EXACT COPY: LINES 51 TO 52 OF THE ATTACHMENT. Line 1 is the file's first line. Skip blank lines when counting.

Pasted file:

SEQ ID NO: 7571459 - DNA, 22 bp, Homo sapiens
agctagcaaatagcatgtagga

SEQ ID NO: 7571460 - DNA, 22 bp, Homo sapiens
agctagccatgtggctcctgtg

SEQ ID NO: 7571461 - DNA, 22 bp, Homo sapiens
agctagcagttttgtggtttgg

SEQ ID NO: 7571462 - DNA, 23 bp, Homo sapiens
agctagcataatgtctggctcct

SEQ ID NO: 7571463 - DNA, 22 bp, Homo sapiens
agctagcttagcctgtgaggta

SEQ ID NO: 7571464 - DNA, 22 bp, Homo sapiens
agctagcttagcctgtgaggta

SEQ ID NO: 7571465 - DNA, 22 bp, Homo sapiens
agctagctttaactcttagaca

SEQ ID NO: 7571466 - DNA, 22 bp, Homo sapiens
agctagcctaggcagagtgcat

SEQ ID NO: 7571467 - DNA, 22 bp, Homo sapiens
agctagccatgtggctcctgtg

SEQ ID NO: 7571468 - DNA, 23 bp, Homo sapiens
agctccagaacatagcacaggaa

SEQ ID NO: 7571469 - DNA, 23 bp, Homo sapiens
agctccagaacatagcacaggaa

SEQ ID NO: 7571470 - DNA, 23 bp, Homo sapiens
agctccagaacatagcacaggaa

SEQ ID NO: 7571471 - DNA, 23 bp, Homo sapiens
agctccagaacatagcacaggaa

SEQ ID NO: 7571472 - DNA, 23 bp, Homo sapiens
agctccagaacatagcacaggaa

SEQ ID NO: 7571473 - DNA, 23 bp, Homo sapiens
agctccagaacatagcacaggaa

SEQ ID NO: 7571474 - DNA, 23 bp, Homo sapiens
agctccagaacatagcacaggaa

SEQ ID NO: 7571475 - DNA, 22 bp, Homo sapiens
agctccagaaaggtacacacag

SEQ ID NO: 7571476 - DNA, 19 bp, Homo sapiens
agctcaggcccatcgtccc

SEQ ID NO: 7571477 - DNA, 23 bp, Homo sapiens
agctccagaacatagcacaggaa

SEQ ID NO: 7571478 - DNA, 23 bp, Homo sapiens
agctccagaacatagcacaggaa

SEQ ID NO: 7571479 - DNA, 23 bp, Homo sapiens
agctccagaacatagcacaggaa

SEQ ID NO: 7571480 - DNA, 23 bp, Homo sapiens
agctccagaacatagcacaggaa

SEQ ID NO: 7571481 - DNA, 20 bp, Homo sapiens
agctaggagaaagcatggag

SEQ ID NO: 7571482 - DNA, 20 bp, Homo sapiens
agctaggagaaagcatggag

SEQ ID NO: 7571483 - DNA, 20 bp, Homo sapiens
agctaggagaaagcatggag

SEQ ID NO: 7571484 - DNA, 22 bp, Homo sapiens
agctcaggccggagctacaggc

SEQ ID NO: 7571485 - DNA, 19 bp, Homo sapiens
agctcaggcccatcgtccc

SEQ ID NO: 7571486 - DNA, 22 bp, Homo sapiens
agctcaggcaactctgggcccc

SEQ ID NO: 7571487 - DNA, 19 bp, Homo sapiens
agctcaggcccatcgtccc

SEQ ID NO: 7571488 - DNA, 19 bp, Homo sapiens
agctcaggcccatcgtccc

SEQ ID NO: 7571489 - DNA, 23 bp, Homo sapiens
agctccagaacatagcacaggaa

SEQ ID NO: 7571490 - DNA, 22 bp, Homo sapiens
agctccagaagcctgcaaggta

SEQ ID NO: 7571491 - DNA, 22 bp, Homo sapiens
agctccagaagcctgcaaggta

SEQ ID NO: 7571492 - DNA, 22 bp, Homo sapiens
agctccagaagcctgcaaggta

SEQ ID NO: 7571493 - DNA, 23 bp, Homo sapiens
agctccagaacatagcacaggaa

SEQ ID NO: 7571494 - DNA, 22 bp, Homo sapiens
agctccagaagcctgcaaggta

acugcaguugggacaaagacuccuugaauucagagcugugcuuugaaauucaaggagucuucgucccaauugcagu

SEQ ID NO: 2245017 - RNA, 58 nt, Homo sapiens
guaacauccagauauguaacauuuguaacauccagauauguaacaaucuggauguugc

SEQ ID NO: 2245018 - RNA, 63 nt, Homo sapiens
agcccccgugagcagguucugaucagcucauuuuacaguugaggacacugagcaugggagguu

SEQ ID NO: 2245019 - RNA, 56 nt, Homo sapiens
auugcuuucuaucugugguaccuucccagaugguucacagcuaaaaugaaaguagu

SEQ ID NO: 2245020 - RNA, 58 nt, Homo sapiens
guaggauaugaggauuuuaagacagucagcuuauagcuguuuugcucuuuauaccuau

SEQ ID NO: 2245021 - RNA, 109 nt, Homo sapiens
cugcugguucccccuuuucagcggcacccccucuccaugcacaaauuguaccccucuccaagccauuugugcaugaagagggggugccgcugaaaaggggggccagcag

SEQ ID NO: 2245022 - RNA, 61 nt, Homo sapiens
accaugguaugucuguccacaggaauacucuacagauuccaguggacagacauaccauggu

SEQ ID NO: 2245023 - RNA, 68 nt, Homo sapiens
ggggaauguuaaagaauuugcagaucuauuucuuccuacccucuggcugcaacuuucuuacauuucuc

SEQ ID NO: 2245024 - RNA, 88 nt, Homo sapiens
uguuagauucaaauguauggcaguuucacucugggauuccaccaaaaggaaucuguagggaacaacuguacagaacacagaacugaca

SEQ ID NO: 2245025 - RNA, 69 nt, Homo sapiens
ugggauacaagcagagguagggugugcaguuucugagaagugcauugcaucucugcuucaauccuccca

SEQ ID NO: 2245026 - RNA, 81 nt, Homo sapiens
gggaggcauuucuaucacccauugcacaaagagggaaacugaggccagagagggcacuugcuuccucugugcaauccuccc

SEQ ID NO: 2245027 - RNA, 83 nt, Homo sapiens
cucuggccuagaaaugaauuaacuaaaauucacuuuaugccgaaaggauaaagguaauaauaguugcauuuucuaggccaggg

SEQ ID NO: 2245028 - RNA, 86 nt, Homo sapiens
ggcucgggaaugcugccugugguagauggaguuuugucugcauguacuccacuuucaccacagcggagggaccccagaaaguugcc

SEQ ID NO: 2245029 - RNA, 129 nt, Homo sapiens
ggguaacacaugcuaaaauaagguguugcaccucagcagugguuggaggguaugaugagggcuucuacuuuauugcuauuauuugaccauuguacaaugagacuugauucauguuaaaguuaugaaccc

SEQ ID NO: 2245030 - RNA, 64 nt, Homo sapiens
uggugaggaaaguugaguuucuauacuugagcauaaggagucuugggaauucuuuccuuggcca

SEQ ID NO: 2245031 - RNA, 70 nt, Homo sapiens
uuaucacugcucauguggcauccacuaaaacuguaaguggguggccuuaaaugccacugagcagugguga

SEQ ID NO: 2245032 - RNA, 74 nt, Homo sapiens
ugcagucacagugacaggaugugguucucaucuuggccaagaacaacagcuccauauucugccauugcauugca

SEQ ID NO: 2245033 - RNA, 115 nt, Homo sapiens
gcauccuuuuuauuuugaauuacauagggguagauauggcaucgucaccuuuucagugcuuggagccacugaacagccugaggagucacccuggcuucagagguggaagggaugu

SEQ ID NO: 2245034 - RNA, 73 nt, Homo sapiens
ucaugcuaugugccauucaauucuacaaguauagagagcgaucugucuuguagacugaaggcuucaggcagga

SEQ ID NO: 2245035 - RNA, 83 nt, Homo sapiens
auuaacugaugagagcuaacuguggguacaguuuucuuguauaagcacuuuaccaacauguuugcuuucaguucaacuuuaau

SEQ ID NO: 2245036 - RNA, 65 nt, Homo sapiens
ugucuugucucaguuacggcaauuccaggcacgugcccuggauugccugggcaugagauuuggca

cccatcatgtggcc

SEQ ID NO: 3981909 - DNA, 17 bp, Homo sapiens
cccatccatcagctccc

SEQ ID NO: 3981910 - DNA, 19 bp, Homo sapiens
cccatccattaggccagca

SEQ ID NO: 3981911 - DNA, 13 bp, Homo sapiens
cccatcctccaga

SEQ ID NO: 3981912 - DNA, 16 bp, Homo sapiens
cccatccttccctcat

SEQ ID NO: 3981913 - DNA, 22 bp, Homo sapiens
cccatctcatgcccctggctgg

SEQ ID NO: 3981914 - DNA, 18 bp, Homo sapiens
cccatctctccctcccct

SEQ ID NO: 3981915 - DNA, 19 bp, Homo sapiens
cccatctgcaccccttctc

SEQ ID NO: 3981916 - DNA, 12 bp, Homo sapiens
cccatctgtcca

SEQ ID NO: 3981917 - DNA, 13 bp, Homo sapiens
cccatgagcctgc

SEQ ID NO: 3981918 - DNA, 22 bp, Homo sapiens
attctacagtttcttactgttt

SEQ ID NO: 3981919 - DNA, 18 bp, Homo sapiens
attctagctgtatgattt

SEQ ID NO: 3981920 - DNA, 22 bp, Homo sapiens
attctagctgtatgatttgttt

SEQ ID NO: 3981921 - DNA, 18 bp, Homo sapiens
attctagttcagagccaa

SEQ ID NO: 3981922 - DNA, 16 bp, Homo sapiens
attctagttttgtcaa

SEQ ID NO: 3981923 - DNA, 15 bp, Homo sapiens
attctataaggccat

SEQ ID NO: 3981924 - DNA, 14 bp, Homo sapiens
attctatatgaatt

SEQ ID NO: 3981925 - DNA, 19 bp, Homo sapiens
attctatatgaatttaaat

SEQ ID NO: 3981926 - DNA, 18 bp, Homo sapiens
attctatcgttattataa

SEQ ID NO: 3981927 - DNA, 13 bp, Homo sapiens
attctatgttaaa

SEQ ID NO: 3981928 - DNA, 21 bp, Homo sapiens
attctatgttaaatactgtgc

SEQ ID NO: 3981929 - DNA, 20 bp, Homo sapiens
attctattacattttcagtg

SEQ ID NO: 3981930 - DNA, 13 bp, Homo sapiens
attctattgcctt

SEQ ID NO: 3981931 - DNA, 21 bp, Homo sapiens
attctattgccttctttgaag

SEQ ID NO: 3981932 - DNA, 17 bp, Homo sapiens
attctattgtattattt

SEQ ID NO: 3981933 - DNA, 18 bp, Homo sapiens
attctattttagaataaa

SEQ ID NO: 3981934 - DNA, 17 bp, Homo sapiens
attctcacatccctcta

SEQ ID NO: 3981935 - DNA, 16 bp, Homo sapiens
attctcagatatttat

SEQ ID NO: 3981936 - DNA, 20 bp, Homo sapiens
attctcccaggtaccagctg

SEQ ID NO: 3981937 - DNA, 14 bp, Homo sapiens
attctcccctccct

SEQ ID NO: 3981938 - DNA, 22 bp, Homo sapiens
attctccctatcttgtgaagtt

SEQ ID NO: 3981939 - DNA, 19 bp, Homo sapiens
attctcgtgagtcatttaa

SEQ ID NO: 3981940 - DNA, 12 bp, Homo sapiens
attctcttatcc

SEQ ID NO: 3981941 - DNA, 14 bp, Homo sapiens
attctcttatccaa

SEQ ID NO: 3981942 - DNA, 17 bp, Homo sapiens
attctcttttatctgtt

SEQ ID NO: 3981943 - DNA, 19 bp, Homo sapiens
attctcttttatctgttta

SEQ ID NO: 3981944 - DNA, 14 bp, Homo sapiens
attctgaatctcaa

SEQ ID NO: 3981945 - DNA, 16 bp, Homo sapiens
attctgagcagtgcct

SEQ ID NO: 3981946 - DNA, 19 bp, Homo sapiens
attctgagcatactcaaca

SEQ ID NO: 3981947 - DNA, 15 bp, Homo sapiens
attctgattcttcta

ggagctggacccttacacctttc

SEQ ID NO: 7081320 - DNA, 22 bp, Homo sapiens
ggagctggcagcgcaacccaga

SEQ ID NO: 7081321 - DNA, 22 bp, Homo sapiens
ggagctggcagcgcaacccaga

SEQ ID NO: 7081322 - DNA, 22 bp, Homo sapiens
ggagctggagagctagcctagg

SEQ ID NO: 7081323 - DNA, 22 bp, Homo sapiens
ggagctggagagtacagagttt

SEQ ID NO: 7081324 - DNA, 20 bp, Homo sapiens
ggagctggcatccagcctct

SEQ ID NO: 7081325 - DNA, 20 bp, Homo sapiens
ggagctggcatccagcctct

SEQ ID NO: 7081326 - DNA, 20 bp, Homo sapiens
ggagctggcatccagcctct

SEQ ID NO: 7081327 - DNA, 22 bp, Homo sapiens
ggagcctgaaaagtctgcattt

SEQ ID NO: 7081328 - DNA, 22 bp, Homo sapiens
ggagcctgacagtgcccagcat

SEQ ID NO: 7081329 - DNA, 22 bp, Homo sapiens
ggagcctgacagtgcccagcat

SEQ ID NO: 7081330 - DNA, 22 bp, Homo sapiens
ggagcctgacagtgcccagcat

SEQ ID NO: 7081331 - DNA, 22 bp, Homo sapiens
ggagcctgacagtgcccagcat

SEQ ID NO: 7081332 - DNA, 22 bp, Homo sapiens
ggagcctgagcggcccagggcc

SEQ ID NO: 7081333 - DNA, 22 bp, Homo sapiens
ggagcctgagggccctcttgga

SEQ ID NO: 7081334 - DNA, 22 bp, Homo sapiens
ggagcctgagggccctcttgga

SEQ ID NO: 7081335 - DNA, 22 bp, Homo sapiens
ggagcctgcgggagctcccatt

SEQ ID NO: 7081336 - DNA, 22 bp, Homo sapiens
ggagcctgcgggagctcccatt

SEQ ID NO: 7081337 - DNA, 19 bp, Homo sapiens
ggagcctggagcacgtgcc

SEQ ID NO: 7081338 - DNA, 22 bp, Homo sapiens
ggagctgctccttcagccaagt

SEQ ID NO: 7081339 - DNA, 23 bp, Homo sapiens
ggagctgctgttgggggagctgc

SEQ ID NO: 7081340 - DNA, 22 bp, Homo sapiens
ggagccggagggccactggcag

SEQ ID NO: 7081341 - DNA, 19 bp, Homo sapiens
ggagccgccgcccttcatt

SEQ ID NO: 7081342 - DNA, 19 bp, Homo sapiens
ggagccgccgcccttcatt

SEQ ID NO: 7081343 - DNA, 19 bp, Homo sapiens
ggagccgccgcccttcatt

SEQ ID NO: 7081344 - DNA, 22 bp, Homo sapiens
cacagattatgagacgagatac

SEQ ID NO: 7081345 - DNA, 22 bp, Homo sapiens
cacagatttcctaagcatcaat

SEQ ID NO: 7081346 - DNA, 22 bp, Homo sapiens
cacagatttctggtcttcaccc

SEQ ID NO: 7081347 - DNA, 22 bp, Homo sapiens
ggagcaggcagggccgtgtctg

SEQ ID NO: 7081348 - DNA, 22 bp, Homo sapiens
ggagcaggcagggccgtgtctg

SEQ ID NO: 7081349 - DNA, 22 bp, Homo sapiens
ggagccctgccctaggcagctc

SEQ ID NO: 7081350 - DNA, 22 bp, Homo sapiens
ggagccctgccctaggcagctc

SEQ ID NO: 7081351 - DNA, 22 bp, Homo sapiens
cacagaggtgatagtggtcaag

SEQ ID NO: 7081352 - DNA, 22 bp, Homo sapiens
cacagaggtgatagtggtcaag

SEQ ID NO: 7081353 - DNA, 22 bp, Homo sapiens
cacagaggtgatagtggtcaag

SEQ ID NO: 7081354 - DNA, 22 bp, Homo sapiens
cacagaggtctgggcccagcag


SEQ ID NO: 7571484 - DNA, 22 bp, Homo sapiens
agctcaggccggagctacaggc